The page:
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  • Writer's pictureLauren Burnham

Upper Crossed Syndrome

Does this picture look like you right now?  Then sit up and read this!

What is it?

With Upper Crossed syndrome the muscles of the shoulders, neck, and chest have become deformed. Specifically, the back muscles of the neck and shoulders (upper trapezius, and levator scapula) become extremely overactive and strained. The muscles in the front of the chest (the major and minor pectoralis muscles) become shortened and tight.

As a result of these overactive muscles, the surrounding counter muscles become underused and weakened. In upper crossed syndrome, this causes weak muscles in the front of the neck (cervical flexor muscles) and in the lower shoulders (rhomboid and lower trapezius muscles). The condition gets its name from the "x" shape that develops when regions of overactive and underactive muscles overlap.

What are the causes?    

Poor posture can be a cause of upper crossed syndrome.

Different movements can cause upper crossed syndrome, but most cases develop through poor posture, specifically sitting or standing with the head forward for prolonged periods.

Activities that promote this postural position include:

  • computer and laptop use

  • driving

  • watching TV

  • cellphone browsing, texting, app, or game use

  • reading

  • biking

In some cases, injury or congenital disabilities may also contribute to the development or creation of the condition.

What are the symptoms?

Common characteristics of upper crossed syndrome include:

  • the head is consistently or often in a forward position

  • inward curvature in the portion of the spine containing the neck (increased cervical lordosis)

  • outward curvature in the part of the spine that includes the upper back, shoulders, and chest (increased thoracic kyphosis)

  • elevated, protracted, or rounded shoulders, where the muscles are in a continuous state of being pulled or stretched forward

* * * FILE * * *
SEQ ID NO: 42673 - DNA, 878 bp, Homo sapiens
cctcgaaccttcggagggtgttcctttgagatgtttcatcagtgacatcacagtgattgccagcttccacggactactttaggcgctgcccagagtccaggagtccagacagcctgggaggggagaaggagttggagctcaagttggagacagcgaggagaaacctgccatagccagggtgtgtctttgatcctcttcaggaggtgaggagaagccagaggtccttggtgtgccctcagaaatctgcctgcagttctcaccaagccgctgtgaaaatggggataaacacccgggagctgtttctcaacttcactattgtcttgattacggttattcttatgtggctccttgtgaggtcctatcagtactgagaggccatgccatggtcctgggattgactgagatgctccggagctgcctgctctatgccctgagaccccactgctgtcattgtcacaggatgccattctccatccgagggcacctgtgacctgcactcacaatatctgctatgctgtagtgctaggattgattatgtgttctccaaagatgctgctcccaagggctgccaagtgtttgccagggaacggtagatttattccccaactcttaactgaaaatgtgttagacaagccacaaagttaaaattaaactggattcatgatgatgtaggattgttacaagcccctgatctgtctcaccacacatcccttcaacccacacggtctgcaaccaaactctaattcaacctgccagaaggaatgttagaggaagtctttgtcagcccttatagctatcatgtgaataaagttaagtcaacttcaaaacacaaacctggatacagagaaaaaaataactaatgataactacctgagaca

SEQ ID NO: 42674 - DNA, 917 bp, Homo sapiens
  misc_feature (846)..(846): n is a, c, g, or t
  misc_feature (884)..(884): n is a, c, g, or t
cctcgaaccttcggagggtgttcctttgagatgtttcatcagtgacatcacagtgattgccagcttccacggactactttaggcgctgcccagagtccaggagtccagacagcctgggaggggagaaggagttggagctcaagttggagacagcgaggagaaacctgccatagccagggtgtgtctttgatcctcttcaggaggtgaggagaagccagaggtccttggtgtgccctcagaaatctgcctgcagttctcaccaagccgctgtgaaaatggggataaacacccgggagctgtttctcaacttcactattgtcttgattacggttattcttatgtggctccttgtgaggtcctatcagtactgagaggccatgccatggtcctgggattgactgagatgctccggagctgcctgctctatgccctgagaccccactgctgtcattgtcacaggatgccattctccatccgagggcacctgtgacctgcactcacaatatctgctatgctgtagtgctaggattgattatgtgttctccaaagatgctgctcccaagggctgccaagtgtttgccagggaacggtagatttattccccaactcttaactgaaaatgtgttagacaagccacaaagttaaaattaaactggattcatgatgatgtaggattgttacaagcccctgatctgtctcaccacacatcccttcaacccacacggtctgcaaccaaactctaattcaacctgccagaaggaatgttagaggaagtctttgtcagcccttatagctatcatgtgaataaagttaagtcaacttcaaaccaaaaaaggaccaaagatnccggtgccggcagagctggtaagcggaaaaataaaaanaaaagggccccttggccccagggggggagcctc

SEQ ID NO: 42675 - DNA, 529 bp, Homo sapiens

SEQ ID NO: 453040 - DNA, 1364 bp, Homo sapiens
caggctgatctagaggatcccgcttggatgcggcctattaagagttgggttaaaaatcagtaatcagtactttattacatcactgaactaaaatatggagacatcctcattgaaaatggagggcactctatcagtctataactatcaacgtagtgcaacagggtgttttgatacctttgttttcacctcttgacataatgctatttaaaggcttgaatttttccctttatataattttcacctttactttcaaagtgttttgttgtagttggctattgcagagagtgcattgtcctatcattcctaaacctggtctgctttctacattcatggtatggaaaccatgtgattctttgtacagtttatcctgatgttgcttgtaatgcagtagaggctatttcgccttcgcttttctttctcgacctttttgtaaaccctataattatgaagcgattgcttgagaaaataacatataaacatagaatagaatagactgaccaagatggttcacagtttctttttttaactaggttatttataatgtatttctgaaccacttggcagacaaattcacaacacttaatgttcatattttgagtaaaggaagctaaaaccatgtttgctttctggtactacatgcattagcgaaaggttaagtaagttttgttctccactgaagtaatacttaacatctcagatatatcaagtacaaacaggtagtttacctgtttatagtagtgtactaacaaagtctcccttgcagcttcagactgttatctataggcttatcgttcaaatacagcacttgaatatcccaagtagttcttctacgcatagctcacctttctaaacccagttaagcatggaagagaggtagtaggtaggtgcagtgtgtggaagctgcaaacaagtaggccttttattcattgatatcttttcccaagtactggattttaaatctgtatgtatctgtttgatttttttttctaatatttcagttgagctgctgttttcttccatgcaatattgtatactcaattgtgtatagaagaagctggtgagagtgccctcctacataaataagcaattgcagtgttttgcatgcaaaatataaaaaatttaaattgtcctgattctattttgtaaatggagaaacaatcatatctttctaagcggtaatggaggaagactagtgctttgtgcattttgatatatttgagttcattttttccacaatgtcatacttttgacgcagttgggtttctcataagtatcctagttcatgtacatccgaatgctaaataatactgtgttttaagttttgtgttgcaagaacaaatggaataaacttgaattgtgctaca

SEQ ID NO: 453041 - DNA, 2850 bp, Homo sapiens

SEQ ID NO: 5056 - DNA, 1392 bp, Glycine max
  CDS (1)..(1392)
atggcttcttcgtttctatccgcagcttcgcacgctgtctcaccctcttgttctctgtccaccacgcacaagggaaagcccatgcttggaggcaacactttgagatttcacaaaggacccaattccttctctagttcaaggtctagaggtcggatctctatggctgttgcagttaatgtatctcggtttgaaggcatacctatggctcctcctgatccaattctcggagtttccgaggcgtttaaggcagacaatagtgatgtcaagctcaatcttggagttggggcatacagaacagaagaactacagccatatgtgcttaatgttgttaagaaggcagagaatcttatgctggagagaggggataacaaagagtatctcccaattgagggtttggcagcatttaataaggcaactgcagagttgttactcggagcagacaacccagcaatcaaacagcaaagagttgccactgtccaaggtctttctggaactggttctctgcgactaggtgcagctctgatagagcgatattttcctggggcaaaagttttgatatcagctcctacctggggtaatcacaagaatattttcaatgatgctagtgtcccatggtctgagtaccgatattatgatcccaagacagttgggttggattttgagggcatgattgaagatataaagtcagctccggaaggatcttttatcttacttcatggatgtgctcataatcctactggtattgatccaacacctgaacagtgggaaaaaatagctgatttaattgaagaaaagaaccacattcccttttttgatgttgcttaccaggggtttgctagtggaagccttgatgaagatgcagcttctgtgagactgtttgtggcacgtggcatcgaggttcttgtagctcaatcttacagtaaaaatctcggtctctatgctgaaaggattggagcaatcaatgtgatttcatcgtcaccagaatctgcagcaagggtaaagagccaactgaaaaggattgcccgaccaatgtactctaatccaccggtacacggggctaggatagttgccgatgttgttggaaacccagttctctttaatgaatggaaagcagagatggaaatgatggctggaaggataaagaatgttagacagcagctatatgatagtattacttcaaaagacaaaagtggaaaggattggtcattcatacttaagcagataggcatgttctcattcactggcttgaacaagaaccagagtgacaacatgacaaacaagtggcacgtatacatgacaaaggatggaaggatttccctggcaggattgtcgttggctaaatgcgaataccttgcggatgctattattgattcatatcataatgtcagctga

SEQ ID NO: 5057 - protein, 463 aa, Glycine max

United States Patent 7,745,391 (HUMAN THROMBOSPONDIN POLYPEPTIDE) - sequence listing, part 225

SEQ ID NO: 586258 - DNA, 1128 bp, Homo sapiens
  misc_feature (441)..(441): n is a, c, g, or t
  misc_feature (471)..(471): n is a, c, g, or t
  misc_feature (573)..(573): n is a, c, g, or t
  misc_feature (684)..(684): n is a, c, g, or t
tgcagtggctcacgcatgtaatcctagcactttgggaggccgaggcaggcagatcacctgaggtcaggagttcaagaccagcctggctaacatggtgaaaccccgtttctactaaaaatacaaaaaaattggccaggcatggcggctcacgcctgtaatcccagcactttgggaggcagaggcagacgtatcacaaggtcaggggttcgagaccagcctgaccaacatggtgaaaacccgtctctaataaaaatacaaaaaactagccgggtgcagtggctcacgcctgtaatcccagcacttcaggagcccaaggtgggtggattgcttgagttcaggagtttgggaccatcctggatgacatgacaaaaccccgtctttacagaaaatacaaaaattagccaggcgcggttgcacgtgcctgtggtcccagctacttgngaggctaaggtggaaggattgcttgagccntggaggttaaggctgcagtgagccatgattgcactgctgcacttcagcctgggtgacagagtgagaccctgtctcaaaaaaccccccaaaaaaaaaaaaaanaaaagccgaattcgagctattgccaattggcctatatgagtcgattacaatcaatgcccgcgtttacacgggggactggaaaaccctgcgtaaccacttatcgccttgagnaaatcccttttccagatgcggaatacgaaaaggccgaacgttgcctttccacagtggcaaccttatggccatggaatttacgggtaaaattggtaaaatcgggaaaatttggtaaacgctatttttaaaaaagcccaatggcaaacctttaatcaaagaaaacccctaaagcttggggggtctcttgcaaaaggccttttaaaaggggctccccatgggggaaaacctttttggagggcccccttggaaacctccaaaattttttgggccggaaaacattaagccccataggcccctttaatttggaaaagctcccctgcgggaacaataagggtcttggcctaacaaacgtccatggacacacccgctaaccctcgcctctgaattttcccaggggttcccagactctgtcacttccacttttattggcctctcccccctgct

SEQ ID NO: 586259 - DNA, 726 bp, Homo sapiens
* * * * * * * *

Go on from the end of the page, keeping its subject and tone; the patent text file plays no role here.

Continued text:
• the visible portion of the shoulder blade sits out instead of laying flat (scapula winging)

The deformed muscles associated with upper cross syndrome put stress on the surrounding muscles, tendons, bones, and joints, causing most people develop symptoms that include:

  • headache

  • neck pain

  • strain in the back of the neck and often a weakness in the front

  • chest pain and tightness

  • pain in the upper back, especially the shoulders

  • sore shoulder blades

  • pain in the jaws

  • tiredness

  • difficulty sitting, reading, and watching TV

  • driving for more than a short period because of pain or muscle tightness or soreness

  • restricted range of motion in the neck or shoulders

  • numbness, tingling, and pain in the upper arms

  • pain and reduced range of motion in the ribs

  • lower back pain

What can you do about it?

Massage for relaxation and pain relief as frequent as needed.

Watch these short videos for information and exercises to do everyday:

Improvement will take time; after all, it took you years to develop this posture.  Start now and sit up straight!

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